V.  Visas – how many of them and for where: Same as the passport stamps. The current passport is pathetic.
W.  Wine, best glass while travelling and where: I suppose I have to say Dom Pèrignon on the Orient Express, sitting in a piano bar, all polished mahogany, sliding through the French countryside. Never to be forgotten, nor to be repeated!
X.  Excellent view and from where:  Whoa – hard! From top of the Empire State Building? The London Eye? St Peter’s Basilica? La Iglesia de la Concepción in La Laguna? Well, those sprawls of humanity are fascinating, yes, and I’d repeat any of them tomorrow, but the most breathtaking ever was only last year – driving up to the Teide National Park at sunset, my friend and I were simply stunned by this sunset, highlighting the “Mar de Nubes” (Ocean of Clouds), and the island of La Gomera rising on the horizon.
Y.  Years spent travelling:  Well, given that first school trip at 15 that makes a neat 50 years. Never been able to lead “nomadic existence” for more than two or three months, but I think it’s true to say that not many days of my life have passed without me dreaming of going somewhere or other.
Z.  Zealous Sports Fans and Where: I would say the London Marathon. My son, Guy, took part nearly two years ago now, and being there to watch was incredible. Afterwards we went to eat at a favorite place, and people stopped him to ask his time & how he’d done, and everywhere there were folk with T-shirts or medals or goodie bags. It was as if London had become a village for the day and everyone knew each other. Wonderful experience.

Phew – that was fun, drifting down memory lane a while, and now I nominate the folk below to do the same!

Okey, doke, now I’ve looked back at other posts with this theme, and I’m really not sure who began it, so a thanks to whomever it was, and thanks to Cathy for nominating me.  I’m also not sure who’s already done it. Looks like it’s being going around for a while, so here I’m tagging some random folk, and if you’ve already done it, or don’t have time, well just ignore I guess!

Katrina of

Andy and Jack from

Barbara from

Laurel from Expat in Germany

Lily from Sunshine  and Stilettos



2011: Postcards to Myself

2011 was, well, ok. It had several challenges and some very low spots, but there were plenty of good times too, and those are the times we remember.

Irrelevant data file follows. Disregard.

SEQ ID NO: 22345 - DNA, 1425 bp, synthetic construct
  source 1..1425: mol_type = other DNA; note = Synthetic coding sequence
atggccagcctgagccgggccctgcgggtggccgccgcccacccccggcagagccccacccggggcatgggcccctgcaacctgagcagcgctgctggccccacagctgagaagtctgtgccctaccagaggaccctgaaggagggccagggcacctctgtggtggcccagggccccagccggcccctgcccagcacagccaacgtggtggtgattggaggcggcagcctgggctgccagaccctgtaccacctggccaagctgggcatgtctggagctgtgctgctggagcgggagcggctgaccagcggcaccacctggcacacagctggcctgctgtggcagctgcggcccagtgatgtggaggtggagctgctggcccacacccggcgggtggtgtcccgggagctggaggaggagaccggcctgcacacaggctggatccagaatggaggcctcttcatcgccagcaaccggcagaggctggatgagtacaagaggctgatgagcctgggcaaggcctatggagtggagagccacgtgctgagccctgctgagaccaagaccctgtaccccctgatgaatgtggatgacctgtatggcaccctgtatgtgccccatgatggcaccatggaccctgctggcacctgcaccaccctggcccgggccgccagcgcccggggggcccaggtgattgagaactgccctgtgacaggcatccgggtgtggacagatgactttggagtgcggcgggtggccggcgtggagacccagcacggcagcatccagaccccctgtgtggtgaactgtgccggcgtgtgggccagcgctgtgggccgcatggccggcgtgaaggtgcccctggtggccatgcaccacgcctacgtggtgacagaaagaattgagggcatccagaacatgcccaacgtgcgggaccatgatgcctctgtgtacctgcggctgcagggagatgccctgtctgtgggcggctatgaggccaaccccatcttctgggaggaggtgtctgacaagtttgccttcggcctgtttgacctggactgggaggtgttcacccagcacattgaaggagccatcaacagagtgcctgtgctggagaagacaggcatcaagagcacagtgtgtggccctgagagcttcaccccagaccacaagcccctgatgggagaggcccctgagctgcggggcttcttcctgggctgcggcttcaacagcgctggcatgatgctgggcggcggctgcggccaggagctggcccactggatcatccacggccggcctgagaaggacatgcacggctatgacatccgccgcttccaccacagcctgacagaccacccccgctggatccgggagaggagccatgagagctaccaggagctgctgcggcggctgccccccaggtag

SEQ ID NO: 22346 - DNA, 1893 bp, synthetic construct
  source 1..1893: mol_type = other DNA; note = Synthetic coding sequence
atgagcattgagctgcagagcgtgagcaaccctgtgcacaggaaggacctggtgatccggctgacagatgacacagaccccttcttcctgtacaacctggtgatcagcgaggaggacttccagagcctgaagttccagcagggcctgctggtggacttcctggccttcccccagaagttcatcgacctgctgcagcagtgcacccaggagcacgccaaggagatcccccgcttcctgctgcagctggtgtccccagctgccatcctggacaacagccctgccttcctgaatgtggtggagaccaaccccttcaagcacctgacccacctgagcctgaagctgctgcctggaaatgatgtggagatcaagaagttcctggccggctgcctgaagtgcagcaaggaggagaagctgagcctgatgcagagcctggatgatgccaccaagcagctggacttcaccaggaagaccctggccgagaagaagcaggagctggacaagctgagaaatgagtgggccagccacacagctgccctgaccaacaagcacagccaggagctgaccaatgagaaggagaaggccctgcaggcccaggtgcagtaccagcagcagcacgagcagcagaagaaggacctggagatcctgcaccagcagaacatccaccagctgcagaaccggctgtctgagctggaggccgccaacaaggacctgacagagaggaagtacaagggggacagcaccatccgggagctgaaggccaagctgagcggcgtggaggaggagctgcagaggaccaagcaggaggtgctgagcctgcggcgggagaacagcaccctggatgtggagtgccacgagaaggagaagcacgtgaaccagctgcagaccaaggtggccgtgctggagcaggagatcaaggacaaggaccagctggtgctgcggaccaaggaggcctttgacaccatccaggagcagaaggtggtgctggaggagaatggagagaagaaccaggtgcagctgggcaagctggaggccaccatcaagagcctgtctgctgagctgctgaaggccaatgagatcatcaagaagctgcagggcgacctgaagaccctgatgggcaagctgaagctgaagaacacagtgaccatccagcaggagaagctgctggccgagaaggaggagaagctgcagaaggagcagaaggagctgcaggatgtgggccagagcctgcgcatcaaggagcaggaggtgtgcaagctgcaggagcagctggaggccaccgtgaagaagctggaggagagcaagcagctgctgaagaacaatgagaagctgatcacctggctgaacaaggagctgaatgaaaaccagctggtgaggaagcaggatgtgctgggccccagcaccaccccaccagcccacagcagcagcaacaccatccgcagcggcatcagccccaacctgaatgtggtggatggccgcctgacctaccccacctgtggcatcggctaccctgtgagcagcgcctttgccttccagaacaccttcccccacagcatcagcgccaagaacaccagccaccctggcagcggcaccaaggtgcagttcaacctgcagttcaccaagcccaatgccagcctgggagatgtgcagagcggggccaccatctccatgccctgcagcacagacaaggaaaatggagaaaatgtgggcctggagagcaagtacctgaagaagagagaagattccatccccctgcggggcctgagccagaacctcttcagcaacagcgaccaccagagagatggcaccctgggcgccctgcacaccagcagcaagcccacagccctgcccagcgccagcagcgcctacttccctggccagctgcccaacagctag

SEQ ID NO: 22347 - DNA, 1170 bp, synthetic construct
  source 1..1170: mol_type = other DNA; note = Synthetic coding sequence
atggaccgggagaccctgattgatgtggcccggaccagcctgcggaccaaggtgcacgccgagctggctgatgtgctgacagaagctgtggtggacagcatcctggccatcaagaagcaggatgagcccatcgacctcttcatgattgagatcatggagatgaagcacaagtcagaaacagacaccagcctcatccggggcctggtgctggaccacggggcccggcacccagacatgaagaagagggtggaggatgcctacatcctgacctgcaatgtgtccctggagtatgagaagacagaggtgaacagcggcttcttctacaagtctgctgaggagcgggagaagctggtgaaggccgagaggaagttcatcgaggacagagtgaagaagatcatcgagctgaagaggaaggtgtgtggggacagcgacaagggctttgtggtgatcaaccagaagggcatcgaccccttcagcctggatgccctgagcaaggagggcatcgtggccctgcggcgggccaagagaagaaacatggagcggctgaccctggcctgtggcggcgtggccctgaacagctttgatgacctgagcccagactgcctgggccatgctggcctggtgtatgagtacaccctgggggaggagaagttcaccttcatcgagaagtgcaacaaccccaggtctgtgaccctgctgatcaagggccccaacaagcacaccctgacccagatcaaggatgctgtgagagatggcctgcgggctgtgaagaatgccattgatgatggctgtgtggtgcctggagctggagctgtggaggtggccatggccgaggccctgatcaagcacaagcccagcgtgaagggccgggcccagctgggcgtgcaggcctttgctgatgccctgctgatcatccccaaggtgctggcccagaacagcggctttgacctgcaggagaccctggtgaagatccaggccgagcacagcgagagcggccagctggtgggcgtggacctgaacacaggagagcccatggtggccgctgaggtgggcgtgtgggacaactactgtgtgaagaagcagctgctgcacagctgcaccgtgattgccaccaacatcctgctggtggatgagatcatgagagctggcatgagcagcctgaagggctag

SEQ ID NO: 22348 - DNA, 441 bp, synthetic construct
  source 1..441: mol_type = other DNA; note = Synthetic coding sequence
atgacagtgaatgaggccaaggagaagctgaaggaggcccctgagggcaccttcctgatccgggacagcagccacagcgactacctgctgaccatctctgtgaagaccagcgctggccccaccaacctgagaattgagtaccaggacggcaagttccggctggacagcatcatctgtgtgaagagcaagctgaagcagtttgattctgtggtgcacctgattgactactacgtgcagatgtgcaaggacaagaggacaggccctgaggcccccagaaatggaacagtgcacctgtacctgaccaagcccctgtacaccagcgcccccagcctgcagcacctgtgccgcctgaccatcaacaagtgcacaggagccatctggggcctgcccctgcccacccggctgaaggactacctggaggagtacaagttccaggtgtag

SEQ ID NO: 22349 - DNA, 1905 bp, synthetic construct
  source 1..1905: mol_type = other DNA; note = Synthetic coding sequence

It was another slow travel year, though, this recession bites deeper all the time. That said, it was Sevilla and Barcelona, York and London and the English Lake District, not exactly the armpits of the world, eh! It was also Cirque du Soleil, Las Tablas de San Andres and snow, lots of snow this year :=) (well, up in the mountains at least). There was also lots of sunshine, waves, fiestas, visits from friends old and new; some wonderful hiking and delicious food and wine. It was a chance to improve my photography, and some stunning scenery to inspire it, both near and afar-ish.

Things that stand out:

  •  I actually got paid to write something! OK not going to either win the Pulitzer nor keep the wolf from the door, but it was an ambition achieved.
  • I went rappelling, which just shook my whole world up in terms of having done something I didn’t think I could do.
  •  Kew Gardens, which was amazing (and I only saw a fraction of it!) and proved to me that even in a place you’ve known for years you can still find new and wonderful things.
  • The forth was the first time Maria and I went in search of the stars and instead found the amost overwhelmingly beautiful sunset ever (We did find stars in the end too, but it was the unexpected sunset which took away my breath).
  • “Discovering” the Anaga Mountains was memorable too. It was the last place on Tenerife I hadn’t been, and within a half hour of hiking it had become my favorite.

Mostly what stands out are the times I spent with my wonderful family and friends every one of whom is a blessing to me, and whom I am very grateful to have in my life. Not all those times are represented in this mosaic because not everyone is comfortable being splashed around online.